Prof. Peretz Lavie gets second term as Technion head

March 21, 2013 03:51


Dear Reader,
As you can imagine, more people are reading The Jerusalem Post than ever before. Nevertheless, traditional business models are no longer sustainable and high-quality publications, like ours, are being forced to look for new ways to keep going. Unlike many other news organizations, we have not put up a paywall. We want to keep our journalism open and accessible and be able to keep providing you with news and analyses from the frontlines of Israel, the Middle East and the Jewish World.

As one of our loyal readers, we ask you to be our partner.

For $5 a month you will receive access to the following:

  • A user experience almost completely free of ads
  • Access to our Premium Section
  • Content from the award-winning Jerusalem Report and our monthly magazine to learn Hebrew - Ivrit
  • A brand new ePaper featuring the daily newspaper as it appears in print in Israel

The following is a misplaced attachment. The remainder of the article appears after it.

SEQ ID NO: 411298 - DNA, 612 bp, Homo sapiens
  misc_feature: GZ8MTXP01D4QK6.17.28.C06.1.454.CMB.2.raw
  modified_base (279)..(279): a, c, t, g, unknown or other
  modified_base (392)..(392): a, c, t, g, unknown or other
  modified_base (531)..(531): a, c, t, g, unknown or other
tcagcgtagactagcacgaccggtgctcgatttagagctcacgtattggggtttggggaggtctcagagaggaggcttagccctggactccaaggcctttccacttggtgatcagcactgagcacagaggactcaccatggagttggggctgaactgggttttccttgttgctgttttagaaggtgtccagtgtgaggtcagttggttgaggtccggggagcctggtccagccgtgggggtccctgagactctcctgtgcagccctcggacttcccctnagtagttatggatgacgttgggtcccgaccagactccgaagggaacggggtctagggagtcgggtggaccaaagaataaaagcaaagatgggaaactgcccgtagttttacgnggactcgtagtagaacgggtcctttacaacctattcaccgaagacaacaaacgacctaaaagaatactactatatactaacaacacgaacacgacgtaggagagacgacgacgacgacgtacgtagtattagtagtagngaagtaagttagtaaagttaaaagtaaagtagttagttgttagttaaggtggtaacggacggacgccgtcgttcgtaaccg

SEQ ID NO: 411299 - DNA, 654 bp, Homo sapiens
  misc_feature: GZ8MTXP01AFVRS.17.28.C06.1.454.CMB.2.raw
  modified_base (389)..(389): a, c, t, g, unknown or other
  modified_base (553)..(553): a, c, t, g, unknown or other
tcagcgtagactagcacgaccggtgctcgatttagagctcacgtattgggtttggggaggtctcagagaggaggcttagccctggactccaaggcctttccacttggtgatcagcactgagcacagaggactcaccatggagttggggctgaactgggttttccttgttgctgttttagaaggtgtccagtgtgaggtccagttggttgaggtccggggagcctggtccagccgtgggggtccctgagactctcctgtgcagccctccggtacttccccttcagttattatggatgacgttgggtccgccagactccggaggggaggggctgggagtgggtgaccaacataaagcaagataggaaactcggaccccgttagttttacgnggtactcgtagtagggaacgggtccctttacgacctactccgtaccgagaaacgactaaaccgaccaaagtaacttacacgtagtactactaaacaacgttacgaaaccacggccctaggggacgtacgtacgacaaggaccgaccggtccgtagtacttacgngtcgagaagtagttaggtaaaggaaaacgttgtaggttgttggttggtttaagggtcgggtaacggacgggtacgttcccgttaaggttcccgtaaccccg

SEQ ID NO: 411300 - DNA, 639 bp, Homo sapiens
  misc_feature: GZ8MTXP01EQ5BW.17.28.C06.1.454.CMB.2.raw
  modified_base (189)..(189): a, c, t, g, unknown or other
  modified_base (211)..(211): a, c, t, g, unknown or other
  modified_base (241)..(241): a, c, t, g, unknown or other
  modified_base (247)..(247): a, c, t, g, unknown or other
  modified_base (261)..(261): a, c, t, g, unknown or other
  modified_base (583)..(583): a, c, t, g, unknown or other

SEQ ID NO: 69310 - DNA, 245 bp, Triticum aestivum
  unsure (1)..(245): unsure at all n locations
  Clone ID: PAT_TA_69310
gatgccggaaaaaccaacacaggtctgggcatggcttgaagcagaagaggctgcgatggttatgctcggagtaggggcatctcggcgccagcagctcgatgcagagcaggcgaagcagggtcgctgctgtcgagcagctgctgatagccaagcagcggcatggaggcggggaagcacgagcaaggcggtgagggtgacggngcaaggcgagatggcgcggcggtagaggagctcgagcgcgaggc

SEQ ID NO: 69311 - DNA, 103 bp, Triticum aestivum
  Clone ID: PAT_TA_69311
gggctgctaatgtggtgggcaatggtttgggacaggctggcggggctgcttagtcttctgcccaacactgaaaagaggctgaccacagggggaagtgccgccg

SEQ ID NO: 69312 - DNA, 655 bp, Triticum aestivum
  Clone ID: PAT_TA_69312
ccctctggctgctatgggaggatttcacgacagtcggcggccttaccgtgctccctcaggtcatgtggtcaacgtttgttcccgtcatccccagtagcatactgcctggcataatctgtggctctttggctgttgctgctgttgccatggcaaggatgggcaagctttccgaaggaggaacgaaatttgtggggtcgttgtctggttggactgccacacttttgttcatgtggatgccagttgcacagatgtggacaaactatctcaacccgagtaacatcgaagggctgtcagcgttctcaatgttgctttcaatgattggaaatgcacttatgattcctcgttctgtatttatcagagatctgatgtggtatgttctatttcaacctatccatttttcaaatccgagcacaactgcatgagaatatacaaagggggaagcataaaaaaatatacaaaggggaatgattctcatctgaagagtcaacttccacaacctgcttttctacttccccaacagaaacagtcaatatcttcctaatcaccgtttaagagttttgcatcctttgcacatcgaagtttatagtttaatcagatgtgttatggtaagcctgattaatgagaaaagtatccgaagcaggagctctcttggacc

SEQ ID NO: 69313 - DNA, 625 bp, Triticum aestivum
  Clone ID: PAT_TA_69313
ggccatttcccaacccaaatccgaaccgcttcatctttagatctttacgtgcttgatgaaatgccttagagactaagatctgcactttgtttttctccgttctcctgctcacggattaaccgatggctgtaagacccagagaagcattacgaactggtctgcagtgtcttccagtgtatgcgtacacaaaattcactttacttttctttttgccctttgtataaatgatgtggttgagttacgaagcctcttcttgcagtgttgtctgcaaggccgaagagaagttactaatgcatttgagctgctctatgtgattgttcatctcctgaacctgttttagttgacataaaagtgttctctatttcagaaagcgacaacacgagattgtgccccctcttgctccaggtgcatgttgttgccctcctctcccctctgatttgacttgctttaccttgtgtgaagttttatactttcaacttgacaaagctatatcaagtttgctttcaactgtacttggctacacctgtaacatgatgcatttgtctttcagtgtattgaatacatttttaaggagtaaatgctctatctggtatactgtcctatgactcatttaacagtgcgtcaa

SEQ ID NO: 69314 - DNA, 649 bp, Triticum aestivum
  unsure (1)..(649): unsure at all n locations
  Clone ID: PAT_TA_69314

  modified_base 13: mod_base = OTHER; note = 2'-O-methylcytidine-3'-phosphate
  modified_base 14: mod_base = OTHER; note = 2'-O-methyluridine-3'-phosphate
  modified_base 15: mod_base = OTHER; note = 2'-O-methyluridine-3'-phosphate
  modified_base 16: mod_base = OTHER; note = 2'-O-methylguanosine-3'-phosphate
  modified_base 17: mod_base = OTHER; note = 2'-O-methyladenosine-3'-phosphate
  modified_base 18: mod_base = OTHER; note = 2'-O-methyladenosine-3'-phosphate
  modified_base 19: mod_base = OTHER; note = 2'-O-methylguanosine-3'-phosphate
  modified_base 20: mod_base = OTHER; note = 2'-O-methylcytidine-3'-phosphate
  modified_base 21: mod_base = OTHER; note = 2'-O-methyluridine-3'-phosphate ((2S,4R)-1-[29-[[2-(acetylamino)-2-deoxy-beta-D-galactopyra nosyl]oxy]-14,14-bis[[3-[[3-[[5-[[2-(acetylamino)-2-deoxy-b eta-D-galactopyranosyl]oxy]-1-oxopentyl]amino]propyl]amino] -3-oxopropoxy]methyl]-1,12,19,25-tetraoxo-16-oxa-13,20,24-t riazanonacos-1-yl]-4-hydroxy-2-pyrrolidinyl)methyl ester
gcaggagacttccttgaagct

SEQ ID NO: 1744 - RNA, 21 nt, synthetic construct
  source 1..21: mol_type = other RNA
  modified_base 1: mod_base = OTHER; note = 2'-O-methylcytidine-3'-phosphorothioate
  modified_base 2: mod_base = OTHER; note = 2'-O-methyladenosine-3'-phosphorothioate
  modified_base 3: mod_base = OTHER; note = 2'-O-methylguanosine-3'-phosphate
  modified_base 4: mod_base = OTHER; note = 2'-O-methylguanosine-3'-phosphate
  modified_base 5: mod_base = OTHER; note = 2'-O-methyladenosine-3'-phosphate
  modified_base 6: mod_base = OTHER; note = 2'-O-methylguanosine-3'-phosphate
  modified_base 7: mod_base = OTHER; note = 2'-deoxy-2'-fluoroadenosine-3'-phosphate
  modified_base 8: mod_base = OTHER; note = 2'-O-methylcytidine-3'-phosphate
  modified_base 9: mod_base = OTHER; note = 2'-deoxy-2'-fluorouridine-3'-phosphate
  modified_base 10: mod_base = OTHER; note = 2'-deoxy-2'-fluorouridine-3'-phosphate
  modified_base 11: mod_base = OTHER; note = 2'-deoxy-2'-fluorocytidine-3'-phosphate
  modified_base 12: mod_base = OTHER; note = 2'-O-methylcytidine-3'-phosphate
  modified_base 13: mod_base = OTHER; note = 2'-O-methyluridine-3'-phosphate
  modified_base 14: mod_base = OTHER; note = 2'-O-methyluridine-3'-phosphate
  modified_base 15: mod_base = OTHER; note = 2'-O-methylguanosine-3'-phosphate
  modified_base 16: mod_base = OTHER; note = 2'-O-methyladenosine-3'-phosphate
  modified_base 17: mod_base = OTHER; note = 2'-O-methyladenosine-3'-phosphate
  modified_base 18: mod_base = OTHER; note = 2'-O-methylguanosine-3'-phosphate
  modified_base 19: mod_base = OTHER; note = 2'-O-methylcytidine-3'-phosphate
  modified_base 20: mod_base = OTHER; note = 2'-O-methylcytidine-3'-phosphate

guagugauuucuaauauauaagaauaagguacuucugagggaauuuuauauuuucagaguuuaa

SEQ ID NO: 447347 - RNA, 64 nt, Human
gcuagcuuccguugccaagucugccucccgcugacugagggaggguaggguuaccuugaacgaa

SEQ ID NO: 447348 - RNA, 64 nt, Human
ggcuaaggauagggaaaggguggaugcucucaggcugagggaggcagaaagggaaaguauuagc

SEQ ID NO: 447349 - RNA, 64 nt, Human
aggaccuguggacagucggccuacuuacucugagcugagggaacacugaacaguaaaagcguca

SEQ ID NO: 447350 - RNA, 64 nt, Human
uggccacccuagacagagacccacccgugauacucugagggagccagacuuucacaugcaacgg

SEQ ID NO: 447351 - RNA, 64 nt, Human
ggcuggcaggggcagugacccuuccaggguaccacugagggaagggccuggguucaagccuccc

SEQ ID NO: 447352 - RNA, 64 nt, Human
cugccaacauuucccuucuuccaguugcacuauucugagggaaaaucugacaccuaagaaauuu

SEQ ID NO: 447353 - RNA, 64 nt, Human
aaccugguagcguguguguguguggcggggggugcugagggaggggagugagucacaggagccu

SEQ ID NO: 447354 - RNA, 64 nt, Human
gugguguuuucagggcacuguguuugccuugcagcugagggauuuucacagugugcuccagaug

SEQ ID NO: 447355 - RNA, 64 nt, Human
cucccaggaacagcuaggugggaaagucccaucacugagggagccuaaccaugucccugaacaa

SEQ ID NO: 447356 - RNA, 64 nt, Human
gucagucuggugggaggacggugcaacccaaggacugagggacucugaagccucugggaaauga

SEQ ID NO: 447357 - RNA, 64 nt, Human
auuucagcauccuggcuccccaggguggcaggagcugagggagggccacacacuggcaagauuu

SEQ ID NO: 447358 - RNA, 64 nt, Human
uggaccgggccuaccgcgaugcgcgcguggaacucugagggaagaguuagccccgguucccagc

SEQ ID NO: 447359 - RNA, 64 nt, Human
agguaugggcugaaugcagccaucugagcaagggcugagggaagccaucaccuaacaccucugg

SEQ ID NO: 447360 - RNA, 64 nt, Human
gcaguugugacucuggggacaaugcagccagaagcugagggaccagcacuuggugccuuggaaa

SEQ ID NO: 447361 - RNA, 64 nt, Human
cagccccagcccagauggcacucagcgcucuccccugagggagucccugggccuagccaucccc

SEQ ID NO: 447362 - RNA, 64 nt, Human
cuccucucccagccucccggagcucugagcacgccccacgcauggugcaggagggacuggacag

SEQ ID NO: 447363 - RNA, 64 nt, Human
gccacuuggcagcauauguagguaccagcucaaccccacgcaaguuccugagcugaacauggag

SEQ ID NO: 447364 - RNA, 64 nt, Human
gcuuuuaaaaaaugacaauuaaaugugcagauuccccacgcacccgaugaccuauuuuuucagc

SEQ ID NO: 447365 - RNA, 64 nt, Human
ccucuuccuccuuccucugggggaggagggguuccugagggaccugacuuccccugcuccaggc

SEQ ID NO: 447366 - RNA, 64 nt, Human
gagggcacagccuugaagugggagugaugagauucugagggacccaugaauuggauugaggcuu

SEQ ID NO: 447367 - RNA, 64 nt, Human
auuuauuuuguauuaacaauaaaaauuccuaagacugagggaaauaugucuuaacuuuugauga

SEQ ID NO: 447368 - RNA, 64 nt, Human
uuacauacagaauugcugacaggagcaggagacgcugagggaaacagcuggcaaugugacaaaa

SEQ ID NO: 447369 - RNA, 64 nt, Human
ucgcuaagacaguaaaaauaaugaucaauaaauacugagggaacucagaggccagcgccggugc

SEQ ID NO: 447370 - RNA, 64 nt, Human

Help us grow and continue telling Israel’s story to the world.

Thank you,

Ronit Hasin-Hochman, CEO, Jerusalem Post Group
Yaakov Katz, Editor-in-Chief

UPGRADE YOUR JPOST EXPERIENCE FOR 5$ PER MONTH Show me later Don't show it again

Prof. Peretz Lavie, president of the Technion-Israel Institute of Technology, will go on to a second term following an overwhelming vote of 92:2 in the institute’s senate.

The Technion’s executive committee then approved his second four-year term unanimously. The executive council will formally approve it in June.

During his first term, Lavie – a psychologist and sleep medicine expert who was previously dean of the school’s Rappaport Faculty of Medicine – put an emphasis on bringing in new faculty members and raising more funds for their salaries and the supplies they would need to teach and conduct research. Since he became president in 2009, the Technion has added 130 new faculty members, for a current total of 564. In addition, research grants tripled during his term, from $7 million in 2008 to $21m. in 2012.

Lavie also negotiated the establishment of a joint engineering campus with Cornell University in New York. Cornell and the Technion successfully vied against 40 American and foreign institutions to build the campus with a grant of land on Roosevelt Island and $100m. for infrastructure improvements.

Related Content

Breaking news
August 21, 2018
UK foreign minister Hunt: Trump not the isolationist many feared